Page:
Asian American Federation
Asian American Feminist Collective
Atlantic Pacific Theatre
The Audre Lorde Project
The Black School
Brooklyn Movement Center
The Center for Anti-Violence Education
Center for Empowered Politics
East Coast Asian American Student Union
Malcolm X Grassroots Movement
Movement 4 Black Lives
Nodutdol for Korean Community Development
The W.O.W. Project
Yellow Jackets Collective
DAY: Tuesday March 26, 2020
TIME: 12:00-2:00 PM EST
Livestream link will be shared the day before the event with those who registered.
Please join us for an Intergenerational Dialogue about what we’ve learned from Black and Asian Solidarity in NYC.
In light of the growing wave of anti-Asian violence under COVID-19, we wanted to contextualize current racial tensions between Black and Asian communities within a historical analysis of Black and Asian solidarity in New York City. Through this discussion we hope to lift up examples of how our communities have come together in other times of crisis in this city, and to imagine better responses to violence than to dismiss anti-Asian violence or to call the police as a solution.
Cathy Dang-Santa Anna has organized in labor and community-led development for 15 years in Los Angeles and New York City. She is formerly the Executive Director of CAAAV Organizing Asian Communities, and has played a critical role in shaping national alliances towards building greater political alignment on racial, gender and economic justice. Currently, Cathy is a consultant and a Senior Advisor with the Center for Empowered Politics (CEP), a movement capacity building organization that aims to grow our movement infrastructure, particularly around organizing and power building strategies. She is a 2019-2020 Soros Equality Fellow developing an organizing toolkit for organizations to combat ethnonationalism. Cathy is originally from Ridgewood, Queens and Los Angeles, California, and a daughter of Chinese-Vietnamese refugee parents who raised her in their nail salon in Downtown Brooklyn.
Chhaya Chhoum was born in Cambodia in 1978 during the fall of the Khmer Rouge Regime and was resettled in the Bronx in 1985 with her family as refugees. She began organizing as a young person taking on slumlords, overcrowded classrooms, and cutbacks in translation services at public assistance centers and local health clinics. In 2012, Chhaya co-founded Mekong NYC, a community-based organization in the Bronx empowering the Cambodian and Vietnamese community through arts, culture, community organizing, and advocacy, where she is currently executive director.
Joo-Hyun Kang is the Director of Communities United for Police Reform (CPR). CPR is a multi-strategy, multi-sector campaign to end discriminatory and abusive policing in New York. CPR works to build and redefine community safety in NY, strengthens community-based infrastructure to prevent and challenge police violence while reducing reliance on policing for safety, and has organized coalitions of 200+ organizations to secure landmark policy and organizing victories, including passage of the Right to Know and Community Safety Acts in the NYC Council in 2017 and 2013, and 2015 secural of a gubernatorial executive order establishing a special prosecutor for police killings in NY state. Joo-Hyun joined CPR with two decades of experience in social justice work as an organizer, trainer, and strategist with racial justice, LGBT rights, gender justice, immigrant rights, and police accountability projects. She served as the first Executive Director of The Audre Lorde Project, where she developed organizing programs for LGBTST communities of color.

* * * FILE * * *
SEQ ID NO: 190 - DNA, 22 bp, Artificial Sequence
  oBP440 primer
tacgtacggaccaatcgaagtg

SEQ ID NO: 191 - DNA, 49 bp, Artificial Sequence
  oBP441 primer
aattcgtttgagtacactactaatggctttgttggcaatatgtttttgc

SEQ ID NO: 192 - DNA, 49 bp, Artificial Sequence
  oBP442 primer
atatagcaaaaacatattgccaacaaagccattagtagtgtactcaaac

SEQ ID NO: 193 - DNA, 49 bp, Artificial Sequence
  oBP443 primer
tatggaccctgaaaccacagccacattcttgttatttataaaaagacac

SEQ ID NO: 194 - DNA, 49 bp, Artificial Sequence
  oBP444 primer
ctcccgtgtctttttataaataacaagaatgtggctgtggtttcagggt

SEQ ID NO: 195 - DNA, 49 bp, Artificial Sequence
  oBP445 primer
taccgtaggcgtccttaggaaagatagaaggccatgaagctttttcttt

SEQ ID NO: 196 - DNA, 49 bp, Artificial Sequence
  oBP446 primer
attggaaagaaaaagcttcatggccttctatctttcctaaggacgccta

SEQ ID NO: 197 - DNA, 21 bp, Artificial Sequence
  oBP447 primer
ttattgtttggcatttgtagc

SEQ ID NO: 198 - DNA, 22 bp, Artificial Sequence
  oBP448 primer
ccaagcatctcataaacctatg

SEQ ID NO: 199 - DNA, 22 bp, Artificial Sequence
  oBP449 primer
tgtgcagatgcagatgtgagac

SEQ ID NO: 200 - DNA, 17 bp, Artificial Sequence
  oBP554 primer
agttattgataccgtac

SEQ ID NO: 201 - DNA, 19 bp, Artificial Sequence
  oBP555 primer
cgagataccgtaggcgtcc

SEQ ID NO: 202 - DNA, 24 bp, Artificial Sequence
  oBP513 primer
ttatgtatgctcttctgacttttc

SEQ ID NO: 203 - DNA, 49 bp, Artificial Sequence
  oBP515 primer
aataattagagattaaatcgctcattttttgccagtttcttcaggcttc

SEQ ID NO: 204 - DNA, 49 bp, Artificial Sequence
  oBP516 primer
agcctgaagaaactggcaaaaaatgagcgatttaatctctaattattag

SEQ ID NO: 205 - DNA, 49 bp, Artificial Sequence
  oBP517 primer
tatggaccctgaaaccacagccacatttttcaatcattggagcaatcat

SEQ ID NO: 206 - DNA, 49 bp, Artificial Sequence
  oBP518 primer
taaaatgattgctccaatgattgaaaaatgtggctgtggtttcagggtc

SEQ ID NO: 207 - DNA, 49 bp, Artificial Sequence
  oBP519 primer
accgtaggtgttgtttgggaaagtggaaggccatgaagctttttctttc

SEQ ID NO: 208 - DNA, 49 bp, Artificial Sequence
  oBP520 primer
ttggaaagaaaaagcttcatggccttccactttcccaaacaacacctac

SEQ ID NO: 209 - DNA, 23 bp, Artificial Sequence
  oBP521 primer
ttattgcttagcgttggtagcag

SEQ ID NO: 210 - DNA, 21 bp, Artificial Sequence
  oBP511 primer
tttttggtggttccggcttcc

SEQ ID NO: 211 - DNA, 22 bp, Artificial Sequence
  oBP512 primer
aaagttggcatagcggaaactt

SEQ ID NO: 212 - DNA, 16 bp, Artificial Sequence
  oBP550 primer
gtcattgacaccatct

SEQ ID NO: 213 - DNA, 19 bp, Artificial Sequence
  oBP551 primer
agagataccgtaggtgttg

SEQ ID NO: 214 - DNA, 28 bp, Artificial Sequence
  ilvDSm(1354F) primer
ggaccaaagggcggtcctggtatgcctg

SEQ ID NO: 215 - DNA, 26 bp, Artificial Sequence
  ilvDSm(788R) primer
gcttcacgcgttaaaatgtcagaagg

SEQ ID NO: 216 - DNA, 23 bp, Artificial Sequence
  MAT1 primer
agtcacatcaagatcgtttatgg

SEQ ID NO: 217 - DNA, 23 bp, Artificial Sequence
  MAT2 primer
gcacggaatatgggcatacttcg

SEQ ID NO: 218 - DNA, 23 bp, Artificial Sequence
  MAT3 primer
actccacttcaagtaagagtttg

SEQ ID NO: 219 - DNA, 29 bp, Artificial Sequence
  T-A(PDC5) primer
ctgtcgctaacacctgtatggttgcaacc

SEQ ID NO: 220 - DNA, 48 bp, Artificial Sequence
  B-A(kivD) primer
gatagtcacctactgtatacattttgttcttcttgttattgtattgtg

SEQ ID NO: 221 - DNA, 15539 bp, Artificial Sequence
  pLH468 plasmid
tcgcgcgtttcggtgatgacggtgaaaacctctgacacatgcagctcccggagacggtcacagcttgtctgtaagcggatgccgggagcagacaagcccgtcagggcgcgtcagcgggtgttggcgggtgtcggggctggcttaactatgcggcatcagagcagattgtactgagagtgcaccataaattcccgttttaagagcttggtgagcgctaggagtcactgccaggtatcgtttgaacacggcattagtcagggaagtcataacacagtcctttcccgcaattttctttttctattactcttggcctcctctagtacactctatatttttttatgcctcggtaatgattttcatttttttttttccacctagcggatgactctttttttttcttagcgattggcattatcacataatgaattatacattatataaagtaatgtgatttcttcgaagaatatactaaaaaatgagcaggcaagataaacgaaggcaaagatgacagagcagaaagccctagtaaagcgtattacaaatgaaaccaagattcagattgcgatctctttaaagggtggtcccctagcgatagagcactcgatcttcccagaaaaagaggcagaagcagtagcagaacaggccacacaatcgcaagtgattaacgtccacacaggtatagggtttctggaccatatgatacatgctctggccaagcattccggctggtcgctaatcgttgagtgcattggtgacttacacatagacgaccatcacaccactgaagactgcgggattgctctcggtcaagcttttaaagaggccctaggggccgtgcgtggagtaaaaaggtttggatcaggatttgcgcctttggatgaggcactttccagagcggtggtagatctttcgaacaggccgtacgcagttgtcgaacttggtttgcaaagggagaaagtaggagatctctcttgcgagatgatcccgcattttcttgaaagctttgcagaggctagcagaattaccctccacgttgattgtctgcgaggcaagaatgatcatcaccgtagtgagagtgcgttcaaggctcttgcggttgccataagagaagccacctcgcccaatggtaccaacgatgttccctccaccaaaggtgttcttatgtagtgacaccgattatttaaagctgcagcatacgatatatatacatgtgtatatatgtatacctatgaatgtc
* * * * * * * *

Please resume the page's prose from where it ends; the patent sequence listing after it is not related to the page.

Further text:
Kerbie Joseph is a first generation Haitian woman from Brooklyn, NY and a community organizer with the ANSWER (Act Now to Stop War and End Racism) Coalition, No New Jails coalition, Justice for Akai Gurley Family campaign, and has organized alongside many police brutality groups and progressive politicians in NYC. Kerbie currently works at the Audre Lorde Project as the Safe OUTside the System program’s coordinator where she teaches de-escalation, safety planning, safe space creation to households, shelters, businesses and to community members to buffer police interaction within marginalized communities. Kerbie has spoken at Yale University, Fordham University, NYU, Temple, CUNY, and at Adelphi University on topics such as: racism, police brutality, class, LGBTQ struggle, women’s oppression and organizing. Kerbie formerly worked as a youth counselor at the Ali Forney Center which is the largest LGBTQ and Damayan Migrant Workers.
Lumumba Bandele is a parent, educator and lifelong organizer from Central Brooklyn. Lumumba currently serves as the National Strategies and Partnerships Director at the Movement for Black Lives.
Monami Maulik, bio forthcoming
The Black School youth, bios forthcoming
Anthonine Pierre is Deputy Director of the Brooklyn Movement Center, a Black-led community organizing group in Central Brooklyn. She leads the organizations’ work in base building, leadership development, and community safety. Anthonine works to implement BMC’s organizing strategy and its capacity to nurture Black social & political leadership in Bed-Stuy and Crown Heights.
Meejin Seol Richart is a queer Korean adoptee and community organizer based in New York City. She is a member of Nodutdol for Korean Community Development and is focused on combating the lasting impacts of capitalist war and militarism through coalition-building and creative projects. She also provides ongoing support for the families of Akai Gurley and Ryo Oyamada.
We will have a graphic notetaker, closed captioning in English and live simultaneous interpretation provided via separate call line based on shared experience of most effective interpretation styles.